February 23, 2017

Bangladesh Starts Contract Farming in Africa

(Photo via The Financial Express)

Bangladesh is turning to Africa to grow food to feed its population. Bangladeshi companies have acquired more than 80,000 hackers land for ‘contract farming’ in Uganda, Zambia, and Tanzania in recent months. Read More »

Why Europe Will Let Member States Opt out of GM Crops

(Photo by Holger Prothmann, Creative Commons License)

Why are half of European Union members opting out of GMO crops? Hint: it's not about food and environmental safety. Read More »

Land ‘Grabbing’ Grows as Agricultural Resources Dwindle

Over half of the global grabbed land is in Africa, especially in water-rich countries like the Congo. (Photo by Joseph King, Creative Commons License)

‘Land grabbing’ or the purchase or lease of agricultural land by foreign interests has emerged as a threat to food security in several countries, says a new report. Read More »

Global Consumption Trends Break New Records

A view of Gorgonio Pass Wind Farm in California.

Record increase in global consumption and acceleration of resource depletion, pollution, and climate change may come with under-appreciated social and environmental costs, says a new report by Worldwatch Institute. Read More »

West Africa’s Untapped Agricultural Growth Potential

(Photo by Neil Palmer/CIAT, Creative Commons License)

New report sees regional integration as high road to making the most of changing food patterns and dynamic populations. Read More »

Get Ready for Chinese Overseas Investment in Agriculture

Shenzen port's container terminal. (Photo Bert van Dijk, Creative Commons License)

The United States will remain the dominant supplier of China’s agricultural imports because it is such a large and efficient supplier. However, U.S. farmers and leaders in industries and governments should be aware of the potential opportunities and competition that may arise from Chinese investment. Read More »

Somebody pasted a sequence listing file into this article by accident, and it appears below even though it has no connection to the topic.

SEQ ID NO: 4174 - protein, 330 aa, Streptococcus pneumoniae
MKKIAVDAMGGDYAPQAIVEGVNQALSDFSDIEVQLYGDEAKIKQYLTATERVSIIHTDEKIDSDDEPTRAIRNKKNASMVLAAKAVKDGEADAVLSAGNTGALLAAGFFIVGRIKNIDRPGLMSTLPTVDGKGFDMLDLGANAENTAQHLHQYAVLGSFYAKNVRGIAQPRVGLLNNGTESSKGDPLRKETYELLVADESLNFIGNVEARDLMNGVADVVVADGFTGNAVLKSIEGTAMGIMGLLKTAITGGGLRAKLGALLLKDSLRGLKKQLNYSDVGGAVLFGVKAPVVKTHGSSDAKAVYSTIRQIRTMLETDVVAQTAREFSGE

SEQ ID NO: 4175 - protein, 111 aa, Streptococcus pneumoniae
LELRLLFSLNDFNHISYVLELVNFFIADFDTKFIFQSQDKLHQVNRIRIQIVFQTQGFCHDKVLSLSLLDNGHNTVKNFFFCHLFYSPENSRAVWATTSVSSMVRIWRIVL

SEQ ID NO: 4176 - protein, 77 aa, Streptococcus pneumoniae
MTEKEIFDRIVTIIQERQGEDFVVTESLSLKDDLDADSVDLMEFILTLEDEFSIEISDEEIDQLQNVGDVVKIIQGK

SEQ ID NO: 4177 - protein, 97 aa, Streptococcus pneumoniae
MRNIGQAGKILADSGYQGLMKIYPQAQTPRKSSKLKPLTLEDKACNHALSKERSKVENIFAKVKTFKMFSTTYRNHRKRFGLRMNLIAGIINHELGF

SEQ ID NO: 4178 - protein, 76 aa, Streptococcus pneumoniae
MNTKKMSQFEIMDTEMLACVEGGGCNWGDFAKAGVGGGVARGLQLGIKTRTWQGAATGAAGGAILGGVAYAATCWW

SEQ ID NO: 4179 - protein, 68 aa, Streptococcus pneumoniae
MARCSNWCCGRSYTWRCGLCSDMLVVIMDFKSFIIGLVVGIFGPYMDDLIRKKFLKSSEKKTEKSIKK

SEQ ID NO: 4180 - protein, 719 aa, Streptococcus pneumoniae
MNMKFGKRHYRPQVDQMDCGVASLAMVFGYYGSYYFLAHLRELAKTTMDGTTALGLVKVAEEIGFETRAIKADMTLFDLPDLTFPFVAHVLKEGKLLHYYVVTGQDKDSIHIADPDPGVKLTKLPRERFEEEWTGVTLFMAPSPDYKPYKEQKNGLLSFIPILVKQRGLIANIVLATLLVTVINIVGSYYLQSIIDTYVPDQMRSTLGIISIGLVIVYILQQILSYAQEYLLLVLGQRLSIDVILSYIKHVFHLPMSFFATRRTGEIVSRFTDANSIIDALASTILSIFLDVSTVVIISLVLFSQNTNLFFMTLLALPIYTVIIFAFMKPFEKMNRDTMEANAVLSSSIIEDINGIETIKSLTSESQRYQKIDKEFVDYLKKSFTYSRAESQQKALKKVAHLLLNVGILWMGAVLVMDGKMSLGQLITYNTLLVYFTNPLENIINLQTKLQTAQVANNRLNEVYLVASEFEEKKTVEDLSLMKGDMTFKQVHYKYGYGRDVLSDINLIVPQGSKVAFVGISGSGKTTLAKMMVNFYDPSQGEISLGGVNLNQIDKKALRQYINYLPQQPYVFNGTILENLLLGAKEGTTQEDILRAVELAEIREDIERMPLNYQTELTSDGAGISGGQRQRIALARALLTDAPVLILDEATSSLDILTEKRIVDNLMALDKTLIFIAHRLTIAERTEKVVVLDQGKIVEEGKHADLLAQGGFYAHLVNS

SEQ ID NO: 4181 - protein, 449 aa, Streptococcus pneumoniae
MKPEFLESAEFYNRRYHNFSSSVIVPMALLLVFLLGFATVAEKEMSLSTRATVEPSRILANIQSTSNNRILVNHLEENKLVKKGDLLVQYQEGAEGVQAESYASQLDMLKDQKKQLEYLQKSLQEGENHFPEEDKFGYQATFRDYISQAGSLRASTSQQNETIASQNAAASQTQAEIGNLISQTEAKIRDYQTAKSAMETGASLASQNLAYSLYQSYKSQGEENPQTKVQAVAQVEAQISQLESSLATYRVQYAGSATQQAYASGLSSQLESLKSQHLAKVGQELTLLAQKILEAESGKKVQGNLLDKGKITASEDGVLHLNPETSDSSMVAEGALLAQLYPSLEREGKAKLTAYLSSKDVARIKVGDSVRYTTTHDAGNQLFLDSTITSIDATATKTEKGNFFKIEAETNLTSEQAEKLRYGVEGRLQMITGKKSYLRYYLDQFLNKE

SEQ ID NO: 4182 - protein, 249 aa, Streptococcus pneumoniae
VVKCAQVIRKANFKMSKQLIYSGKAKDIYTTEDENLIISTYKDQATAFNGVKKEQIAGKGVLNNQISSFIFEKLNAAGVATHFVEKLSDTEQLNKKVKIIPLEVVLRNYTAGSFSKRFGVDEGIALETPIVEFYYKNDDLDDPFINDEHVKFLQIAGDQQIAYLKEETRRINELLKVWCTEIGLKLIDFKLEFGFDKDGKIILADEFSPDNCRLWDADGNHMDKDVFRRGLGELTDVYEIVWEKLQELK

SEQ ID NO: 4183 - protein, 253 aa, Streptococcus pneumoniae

Growing Food Trade, Shrinking Self-Sufficiency

A wheat field in Oklahoma. (Photo by Oklahoma Storm, CC license)

Growing demand for food and fuel has put pressure on the world’s agricultural lands to produce more. Now, a trend in “land grabbing” has emerged, as wealthy countries lease or buy farms and agribusiness in poorer countries to ensure their own future supplies. Read More »

India: An Uncertain Hobbesian Life

(Photo by Austin Yoder, Creative Commons License)

India’s small farmers have been struggling for centuries now and they need social and governmental action to change their future. Read More »

Menu for a Hot Planet

Decreasing agricultural yields per acre due to climate change could increase pressure for the conversion of more acres of native grasslands to agriculture lands. (Photo by  Scott Bauer via USDA, Creative Commons License)

It's not just about oil: To support the world's burgeoning billions in a warming climate, the human race needs to drastically rethink its approach to agriculture. Read More »

Video Explores Ethiopia Land Grabs

Ethiopia map

Land Grabbing is not new. Companies from wealthy countries have always sought low-cost land for agricultural production. In Ethiopia, more than six million people survive because of UN food aid, while agricultural products cultivated on land leased to foreign investors are exported. Read More »